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What Is a Clitoral Orgasm?

A small vibrator can be used to stimulate the clitoris, resulting in a clitoral orgasm.
An orgasm may be accompanied by a clear fluid that comes from the urethra, though it usually does not contain urine.
Sigmund Freud, the founder of psychoanalysis, is often credited with inventing the concept of two types of female orgasms.
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  • Originally Written By: Rhonda Rivera
  • Revised By: C. Mitchell
  • Edited By: E. E. Hubbard
  • Last Modified Date: 28 July 2014
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A clitoral orgasm is a series of muscular contractions that happen when a woman’s clitoris is stimulated to the point of sexual excitement and climax. The clitoris is a small organ filled with nerve endings that sits just above the vaginal opening, and orgasm happens when it is stimulated, usually by touching or rubbing. The result is usually intense feelings of release, pleasure, and satisfaction, though the degree to which these emotions are felt, as well as their intensity, tends to vary from person to person. In most cases these sorts of orgasms release a hormone called oxytocin, which is often credited with being calming, and some scientists believe that this sort of stimulation can improve a woman’s chances of conceiving if it happens in conjunction with sexual intercourse. Some experts may draw a distinction between clitoral and vaginal orgasms, which usually happen when the entire vagina is stimulated, though there is some dispute when it comes to pinning down the exact source of either.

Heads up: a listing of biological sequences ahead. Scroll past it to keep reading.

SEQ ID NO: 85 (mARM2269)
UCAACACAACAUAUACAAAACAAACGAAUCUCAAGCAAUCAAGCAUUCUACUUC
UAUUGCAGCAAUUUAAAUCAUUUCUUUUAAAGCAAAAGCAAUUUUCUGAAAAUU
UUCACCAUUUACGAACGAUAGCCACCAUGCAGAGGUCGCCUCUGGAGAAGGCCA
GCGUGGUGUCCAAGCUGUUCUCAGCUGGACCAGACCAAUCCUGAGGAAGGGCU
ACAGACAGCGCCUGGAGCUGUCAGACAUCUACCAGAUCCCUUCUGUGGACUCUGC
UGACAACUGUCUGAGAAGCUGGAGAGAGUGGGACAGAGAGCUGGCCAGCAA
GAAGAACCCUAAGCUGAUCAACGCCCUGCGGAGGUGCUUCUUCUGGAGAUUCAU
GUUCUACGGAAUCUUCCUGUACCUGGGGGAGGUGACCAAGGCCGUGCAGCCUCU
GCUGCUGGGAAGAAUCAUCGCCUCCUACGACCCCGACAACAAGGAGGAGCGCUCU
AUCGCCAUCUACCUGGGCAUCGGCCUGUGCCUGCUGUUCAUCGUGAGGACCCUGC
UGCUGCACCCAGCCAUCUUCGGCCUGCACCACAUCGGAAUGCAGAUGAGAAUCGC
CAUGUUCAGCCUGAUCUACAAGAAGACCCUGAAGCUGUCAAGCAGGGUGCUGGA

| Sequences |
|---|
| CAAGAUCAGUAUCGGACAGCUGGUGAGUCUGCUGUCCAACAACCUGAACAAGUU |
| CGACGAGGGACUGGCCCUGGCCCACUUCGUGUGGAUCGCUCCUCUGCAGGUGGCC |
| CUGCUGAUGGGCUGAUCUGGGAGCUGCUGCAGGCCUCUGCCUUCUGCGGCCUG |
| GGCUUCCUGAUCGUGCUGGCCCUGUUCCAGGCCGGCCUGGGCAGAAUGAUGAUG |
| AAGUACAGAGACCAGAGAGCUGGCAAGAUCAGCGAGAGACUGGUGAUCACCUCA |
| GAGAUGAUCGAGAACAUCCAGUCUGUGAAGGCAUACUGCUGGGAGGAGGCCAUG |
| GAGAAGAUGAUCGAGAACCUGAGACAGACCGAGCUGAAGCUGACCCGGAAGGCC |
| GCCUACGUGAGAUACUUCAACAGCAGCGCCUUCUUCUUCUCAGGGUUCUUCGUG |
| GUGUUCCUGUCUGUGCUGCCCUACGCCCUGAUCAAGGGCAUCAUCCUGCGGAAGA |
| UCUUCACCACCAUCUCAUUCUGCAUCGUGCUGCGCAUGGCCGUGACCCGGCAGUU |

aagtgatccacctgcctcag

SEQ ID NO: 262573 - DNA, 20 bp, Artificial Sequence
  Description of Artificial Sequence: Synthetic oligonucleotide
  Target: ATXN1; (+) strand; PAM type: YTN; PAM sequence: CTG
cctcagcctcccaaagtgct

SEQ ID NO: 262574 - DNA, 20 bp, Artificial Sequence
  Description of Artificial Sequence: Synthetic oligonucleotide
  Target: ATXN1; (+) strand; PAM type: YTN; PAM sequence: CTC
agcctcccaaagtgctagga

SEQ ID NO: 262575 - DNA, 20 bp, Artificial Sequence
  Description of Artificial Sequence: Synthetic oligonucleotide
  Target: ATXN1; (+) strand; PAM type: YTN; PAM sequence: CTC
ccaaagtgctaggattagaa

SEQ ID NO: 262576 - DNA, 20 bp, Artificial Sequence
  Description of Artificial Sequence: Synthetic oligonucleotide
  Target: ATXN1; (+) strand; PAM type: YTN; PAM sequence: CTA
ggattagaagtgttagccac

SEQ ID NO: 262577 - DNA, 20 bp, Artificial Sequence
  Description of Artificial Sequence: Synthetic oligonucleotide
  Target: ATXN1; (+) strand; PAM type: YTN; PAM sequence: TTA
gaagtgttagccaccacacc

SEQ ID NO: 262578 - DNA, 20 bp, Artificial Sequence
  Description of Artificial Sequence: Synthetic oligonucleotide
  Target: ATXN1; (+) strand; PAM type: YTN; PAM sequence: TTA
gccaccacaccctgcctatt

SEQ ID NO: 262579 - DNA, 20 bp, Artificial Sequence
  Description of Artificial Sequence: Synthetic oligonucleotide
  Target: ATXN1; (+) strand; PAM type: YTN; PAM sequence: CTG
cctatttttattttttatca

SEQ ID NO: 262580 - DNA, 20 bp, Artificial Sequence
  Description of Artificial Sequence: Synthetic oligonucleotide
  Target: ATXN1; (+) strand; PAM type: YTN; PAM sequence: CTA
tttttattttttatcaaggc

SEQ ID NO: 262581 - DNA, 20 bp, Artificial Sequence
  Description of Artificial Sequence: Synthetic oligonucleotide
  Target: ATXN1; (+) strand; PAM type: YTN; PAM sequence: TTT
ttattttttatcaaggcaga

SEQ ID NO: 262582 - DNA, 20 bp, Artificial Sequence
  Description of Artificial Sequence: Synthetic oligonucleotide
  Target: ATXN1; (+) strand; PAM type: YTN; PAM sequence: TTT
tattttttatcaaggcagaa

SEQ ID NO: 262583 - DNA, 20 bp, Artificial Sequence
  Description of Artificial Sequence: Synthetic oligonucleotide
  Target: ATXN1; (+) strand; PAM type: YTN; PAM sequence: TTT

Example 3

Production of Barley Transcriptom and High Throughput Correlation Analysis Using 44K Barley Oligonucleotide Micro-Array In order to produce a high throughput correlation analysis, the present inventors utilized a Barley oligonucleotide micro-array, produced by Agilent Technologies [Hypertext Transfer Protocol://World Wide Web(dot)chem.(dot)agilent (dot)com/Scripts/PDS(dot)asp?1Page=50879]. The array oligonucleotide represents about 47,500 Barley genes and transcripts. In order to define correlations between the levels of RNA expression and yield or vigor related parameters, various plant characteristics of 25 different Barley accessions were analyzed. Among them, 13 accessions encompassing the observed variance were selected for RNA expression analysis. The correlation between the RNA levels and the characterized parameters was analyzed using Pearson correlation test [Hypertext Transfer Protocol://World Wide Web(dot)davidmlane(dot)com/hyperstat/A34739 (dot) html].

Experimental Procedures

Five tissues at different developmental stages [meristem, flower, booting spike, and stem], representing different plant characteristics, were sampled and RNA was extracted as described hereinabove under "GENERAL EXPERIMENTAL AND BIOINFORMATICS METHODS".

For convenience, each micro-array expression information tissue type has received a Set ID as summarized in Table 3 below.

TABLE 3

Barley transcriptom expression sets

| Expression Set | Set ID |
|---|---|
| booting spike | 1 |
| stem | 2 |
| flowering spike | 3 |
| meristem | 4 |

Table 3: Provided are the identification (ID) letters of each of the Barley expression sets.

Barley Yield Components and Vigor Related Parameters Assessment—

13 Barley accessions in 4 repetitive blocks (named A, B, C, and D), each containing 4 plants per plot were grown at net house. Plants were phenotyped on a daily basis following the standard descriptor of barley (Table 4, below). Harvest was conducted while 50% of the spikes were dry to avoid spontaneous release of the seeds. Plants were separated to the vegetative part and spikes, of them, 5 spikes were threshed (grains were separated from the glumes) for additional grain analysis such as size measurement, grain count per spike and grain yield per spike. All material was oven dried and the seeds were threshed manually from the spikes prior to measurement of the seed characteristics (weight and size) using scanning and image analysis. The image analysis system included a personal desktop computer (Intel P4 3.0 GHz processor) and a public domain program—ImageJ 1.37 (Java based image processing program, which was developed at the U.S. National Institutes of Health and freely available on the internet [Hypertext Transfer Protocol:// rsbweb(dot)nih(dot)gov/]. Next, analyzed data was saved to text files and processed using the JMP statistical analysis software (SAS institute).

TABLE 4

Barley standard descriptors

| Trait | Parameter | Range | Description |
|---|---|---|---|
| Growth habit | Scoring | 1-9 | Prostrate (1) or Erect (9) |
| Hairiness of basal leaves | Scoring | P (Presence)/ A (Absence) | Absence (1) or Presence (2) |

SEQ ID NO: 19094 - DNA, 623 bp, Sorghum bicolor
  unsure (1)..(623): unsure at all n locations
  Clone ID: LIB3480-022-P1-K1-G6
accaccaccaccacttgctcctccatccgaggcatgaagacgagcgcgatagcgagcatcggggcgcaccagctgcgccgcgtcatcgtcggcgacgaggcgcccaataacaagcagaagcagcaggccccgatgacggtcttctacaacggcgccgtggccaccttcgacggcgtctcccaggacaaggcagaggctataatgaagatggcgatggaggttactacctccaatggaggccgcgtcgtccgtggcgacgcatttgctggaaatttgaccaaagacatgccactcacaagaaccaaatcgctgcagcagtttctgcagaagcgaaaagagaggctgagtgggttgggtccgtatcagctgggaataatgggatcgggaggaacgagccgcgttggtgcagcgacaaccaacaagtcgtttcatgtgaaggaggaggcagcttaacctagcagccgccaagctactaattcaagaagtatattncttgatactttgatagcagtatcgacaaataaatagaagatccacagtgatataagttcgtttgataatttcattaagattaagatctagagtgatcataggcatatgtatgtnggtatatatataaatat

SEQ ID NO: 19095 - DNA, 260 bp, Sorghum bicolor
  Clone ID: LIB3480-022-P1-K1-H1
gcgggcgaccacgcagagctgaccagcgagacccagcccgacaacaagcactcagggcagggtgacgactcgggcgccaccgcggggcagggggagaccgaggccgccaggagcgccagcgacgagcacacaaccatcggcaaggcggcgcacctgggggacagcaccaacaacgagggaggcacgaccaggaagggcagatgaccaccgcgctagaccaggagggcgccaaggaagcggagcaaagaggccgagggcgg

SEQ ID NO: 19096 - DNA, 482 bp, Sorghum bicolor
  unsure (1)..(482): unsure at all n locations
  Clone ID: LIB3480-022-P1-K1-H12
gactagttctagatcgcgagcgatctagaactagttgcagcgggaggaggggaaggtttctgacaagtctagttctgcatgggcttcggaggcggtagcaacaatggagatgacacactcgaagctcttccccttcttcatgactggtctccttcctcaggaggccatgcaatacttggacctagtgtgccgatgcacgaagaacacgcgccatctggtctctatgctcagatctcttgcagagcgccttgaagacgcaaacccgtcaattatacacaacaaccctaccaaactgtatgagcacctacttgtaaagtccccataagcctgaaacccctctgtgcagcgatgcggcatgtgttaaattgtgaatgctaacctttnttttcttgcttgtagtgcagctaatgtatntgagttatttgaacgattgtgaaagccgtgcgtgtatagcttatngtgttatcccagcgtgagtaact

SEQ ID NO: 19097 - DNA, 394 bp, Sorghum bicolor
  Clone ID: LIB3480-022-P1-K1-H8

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Clitoris Basics

The clitoris is a woman’s primary source of sexual feeling and pleasure. It can vary in size and shape from person to person, but it normally about the size of a pea and is usually situated just beneath the labia minora near the top of the vaginal opening. Most of a woman’s sexual nerves terminate here, which typically means that it is highly sensitive to touch. Orgasm happens when this organ is stroked, rubbed, or otherwise stimulated in such a way that sexual pressure builds to a climax and is then released. This release usually causes muscular contractions not just in the area surrounding the clitoris itself, but frequently also in the legs and abdomen.

Orgasm is sometimes accompanied by a clear fluid that comes from the urethra. The urethra is where urine comes from, but this fluid usually does not contain urine; rather, it is usually a natural lubricant secreted to help make sexual intercourse or penetration easier. Clitoral orgasms don’t always happen during sexual intercourse, and they don’t always lead to it, either. Just the same, the body often releases lubricant as an evolutionary sexual response.

Types of Stimulation